Join us for the Monday, June 18 meeting of the MCBA Visual Journal Collective; 7 to 9 p.m. At MCBA. It's free and open to all adult journal keepers and book artists regardless of skill level or media.
About Our Guest Speaker:
As artists we all need to think and plan about our careers. For some in the Collective their journaling and art serves as a creative outlet they don't wish to turn into an incoming producing career. Whether or not you make your living as an artist there are many ways to enhance and improve your creative life, which is why I feel Monday's speaker will be helpful to all members of this group.
Kim Hines, who owns and runs a coaching and mentoring business for artists will be our special guest for the evening. “I help all artists of all levels, to handle issues and concerns that may or may not be unique to the artist,” says Kim.
“I help with problems within content of the work through critiquing, teaching and directing. I also deal with issues that have to do with organizing, creating structure, space, overcoming obstacles, handling finances, time; producing others and self; changing a career or moving to the next level; and doing art when life gets in the way.“
Empowerment is the intent behind Kim’s working with clients. “Too many professional artists do not have a professional image of themselves. This is what paves the way to their being taken advantage of or cheated financially. They treat their art as just a job as opposed to a career. With a career, you strategize. You make thoughtful decisions. You look for ways to make your work evolve and shy away from being stuck in the same place for too long.”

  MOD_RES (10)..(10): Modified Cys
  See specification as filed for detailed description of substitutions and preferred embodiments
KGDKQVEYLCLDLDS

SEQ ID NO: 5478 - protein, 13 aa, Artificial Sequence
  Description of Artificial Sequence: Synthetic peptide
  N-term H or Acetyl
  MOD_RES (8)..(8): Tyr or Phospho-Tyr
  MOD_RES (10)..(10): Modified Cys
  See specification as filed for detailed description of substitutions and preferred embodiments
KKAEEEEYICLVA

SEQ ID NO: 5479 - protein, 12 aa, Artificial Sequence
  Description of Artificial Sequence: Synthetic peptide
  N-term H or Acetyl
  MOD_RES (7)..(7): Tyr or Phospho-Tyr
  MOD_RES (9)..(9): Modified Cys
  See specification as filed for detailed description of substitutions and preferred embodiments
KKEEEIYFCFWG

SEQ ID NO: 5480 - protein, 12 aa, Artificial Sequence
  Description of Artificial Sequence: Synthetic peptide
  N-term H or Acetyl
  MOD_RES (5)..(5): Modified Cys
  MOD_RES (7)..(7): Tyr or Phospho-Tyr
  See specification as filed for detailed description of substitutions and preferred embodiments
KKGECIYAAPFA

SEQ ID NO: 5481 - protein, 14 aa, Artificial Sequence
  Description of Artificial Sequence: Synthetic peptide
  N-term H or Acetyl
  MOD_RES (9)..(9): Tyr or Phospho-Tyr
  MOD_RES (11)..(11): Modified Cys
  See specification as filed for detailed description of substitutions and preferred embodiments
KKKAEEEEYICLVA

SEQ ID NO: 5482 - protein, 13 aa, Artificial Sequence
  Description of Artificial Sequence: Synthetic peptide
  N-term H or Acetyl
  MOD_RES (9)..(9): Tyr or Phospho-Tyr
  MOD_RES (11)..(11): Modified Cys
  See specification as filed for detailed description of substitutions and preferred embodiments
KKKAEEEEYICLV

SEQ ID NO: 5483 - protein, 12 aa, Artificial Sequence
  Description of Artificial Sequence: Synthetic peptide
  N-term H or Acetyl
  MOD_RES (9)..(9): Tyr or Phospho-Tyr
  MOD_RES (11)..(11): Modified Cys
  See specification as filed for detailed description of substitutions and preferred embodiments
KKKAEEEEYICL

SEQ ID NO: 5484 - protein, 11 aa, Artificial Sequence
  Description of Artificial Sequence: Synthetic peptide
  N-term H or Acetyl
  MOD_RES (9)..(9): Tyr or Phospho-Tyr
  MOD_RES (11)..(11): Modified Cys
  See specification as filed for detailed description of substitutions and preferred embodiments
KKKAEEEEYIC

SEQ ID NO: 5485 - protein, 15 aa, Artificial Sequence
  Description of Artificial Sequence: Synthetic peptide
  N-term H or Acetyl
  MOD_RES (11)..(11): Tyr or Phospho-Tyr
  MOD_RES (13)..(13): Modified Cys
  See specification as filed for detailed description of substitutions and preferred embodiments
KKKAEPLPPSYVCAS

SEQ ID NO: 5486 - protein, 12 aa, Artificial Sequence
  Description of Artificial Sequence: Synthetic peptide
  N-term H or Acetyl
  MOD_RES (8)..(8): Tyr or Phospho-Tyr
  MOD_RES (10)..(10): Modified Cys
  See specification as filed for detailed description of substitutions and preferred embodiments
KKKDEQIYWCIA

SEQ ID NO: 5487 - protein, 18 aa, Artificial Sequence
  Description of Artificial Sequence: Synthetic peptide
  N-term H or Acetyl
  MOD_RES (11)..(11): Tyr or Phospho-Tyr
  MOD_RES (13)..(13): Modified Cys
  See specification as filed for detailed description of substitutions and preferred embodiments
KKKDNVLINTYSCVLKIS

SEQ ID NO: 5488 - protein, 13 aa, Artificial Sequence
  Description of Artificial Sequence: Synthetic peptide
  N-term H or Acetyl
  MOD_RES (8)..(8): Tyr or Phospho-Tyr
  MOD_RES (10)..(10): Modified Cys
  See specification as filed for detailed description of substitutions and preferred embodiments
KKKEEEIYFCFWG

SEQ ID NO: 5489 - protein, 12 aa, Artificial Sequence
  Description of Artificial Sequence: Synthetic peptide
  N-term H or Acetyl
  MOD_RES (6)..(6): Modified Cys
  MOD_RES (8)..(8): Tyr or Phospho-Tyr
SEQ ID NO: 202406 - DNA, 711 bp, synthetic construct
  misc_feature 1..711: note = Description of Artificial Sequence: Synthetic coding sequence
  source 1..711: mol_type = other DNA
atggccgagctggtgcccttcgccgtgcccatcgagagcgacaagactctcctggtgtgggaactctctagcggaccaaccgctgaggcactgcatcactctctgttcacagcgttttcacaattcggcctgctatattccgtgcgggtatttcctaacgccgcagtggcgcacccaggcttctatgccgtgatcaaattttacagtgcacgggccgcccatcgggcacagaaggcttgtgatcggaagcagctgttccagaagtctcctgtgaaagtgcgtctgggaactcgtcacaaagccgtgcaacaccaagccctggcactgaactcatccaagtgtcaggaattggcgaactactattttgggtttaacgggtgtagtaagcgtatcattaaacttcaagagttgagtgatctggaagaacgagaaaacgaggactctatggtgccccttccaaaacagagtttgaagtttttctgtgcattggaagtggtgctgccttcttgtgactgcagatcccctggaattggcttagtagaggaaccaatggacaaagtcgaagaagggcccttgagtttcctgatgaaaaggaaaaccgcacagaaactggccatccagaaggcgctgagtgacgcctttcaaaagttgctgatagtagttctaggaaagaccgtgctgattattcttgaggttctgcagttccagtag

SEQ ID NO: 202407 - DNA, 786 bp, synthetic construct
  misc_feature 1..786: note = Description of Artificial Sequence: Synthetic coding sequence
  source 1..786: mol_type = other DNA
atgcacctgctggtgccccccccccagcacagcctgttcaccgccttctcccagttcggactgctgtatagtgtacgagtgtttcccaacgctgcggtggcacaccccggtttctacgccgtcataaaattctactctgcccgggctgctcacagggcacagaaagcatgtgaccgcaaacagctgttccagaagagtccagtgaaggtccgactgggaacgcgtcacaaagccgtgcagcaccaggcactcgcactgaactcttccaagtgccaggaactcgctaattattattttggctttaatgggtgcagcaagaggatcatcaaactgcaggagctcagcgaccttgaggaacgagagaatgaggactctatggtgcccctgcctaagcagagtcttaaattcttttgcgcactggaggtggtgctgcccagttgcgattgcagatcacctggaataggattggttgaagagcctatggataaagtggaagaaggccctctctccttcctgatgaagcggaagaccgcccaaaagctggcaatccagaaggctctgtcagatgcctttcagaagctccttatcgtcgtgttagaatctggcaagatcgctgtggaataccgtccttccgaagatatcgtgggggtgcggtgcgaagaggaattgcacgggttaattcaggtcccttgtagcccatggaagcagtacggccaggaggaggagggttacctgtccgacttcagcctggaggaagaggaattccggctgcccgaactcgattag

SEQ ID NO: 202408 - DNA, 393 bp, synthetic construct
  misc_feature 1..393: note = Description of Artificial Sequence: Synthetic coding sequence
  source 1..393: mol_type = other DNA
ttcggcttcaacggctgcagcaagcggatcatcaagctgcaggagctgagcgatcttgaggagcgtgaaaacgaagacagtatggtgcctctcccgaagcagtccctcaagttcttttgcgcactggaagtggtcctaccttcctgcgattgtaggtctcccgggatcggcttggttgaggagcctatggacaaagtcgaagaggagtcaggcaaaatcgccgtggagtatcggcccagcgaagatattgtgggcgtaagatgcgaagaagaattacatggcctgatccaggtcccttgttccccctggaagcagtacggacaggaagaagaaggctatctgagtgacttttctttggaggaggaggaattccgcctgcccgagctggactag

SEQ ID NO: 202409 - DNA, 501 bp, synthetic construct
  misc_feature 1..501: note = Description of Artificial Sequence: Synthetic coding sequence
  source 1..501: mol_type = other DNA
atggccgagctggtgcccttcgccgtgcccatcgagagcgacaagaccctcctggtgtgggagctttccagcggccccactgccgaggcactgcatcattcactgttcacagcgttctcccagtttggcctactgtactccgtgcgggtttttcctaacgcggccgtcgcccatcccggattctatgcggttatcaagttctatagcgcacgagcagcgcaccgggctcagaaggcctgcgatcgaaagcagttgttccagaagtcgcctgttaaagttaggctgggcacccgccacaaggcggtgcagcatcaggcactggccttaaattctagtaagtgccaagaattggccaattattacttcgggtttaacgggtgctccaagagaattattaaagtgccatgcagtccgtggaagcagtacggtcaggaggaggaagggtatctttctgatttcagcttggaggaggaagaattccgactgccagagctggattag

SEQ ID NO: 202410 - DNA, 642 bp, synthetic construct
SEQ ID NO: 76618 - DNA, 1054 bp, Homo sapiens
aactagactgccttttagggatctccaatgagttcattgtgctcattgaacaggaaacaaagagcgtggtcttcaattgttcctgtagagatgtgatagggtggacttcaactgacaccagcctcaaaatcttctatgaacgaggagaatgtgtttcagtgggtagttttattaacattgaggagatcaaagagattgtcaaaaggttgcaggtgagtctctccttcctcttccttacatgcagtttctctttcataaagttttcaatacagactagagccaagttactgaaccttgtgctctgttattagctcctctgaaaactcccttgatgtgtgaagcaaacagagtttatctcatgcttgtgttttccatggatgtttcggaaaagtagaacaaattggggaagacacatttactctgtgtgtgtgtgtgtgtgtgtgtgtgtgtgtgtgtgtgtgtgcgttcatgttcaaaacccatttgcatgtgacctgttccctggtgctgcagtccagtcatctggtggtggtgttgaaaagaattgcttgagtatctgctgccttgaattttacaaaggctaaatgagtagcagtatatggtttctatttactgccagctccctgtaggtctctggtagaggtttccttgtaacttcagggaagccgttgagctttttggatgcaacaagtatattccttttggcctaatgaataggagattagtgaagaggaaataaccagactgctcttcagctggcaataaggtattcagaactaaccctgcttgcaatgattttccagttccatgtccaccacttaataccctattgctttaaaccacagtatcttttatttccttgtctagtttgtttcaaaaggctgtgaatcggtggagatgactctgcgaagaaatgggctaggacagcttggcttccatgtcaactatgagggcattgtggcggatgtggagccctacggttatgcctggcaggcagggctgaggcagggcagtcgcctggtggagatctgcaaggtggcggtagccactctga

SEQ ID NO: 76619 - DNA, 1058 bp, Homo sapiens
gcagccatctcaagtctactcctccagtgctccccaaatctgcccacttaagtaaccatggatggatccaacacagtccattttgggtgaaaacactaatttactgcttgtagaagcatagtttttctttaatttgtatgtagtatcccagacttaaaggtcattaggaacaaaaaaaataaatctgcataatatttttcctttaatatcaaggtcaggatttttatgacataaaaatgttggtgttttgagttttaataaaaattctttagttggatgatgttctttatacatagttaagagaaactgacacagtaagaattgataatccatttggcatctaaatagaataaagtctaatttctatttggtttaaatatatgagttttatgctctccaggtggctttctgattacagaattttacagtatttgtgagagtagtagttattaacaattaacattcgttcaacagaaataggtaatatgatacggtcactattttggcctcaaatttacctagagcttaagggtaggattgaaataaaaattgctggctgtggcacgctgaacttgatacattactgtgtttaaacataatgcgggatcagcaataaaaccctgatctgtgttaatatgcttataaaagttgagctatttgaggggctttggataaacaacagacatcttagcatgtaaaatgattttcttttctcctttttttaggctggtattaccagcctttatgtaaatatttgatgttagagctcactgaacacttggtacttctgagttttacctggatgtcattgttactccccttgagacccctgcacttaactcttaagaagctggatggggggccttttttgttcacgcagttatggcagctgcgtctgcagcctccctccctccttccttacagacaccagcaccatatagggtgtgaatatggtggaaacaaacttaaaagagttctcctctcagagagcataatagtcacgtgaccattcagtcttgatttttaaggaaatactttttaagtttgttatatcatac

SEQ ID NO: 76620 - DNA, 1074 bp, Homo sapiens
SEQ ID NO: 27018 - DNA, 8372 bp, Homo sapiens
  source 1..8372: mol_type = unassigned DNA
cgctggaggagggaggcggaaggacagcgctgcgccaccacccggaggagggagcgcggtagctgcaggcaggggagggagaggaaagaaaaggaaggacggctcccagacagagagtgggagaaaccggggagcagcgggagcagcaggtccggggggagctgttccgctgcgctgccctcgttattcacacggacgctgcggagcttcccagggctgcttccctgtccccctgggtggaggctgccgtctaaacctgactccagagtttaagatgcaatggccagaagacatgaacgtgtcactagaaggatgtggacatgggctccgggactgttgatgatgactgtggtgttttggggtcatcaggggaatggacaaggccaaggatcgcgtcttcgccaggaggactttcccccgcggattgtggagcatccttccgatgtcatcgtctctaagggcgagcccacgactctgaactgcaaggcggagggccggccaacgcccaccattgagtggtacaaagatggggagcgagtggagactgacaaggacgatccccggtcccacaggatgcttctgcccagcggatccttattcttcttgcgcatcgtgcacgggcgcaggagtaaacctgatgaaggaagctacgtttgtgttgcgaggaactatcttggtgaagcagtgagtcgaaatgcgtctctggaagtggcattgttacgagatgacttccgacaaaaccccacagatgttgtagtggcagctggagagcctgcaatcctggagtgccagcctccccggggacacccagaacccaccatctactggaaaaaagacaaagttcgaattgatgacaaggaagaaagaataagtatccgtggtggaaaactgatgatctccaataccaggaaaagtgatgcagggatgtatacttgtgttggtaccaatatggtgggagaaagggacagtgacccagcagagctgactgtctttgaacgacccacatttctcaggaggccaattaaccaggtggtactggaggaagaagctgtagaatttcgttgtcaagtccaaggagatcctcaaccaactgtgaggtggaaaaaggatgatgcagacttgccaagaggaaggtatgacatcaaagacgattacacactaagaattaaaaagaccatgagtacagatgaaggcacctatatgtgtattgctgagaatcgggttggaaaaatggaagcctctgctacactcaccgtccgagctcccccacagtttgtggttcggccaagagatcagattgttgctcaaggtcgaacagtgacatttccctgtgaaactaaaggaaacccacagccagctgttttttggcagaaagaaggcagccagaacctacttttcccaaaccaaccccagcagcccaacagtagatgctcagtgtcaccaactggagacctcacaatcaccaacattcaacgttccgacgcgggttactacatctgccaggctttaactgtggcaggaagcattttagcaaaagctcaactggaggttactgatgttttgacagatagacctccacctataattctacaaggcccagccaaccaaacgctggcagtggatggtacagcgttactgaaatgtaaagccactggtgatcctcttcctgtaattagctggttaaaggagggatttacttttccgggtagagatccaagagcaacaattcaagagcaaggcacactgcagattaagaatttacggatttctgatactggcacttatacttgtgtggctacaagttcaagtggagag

Kim doesn’t just work with professionals. “Novice (or up and coming) artists, tend to be impatient with the process of creating art. They are inclined to over or underestimate their skills and talents, which then affects time, money and the quality of the final outcome of their product. In America we romanticize the artist, so process is not really seen as something of value, but rather an irritation, an annoyance. I try to empower the novice by helping to change that mindset and embrace process. Paying attention to process is what is going to move the novice ever forward to gets them to where he/she wants to be.”
Interestingly enough, non-artists have hired Kim as well. “I’ve helped some to just explore art as it relates to their lives; for others I’m their life coach.” Working with a creativity coach is clearly an act of investing in oneself.
Kim Hines, a playwright, director, equity actor, educator has been in professional theater for over 45 years. For a good many of those years she’s worked as a free-lance artist. She has a BA degree in Theater and Visual Arts from Macalester College.
To learn more about Kim and her work visit her website: Simply Kim Hines.
Join us on Monday, June 18 to learn about how creativity coaching works and why it is a useful tool for creative artists at all stages their careers and experience. Bring questions about the process that you would like Kim to address.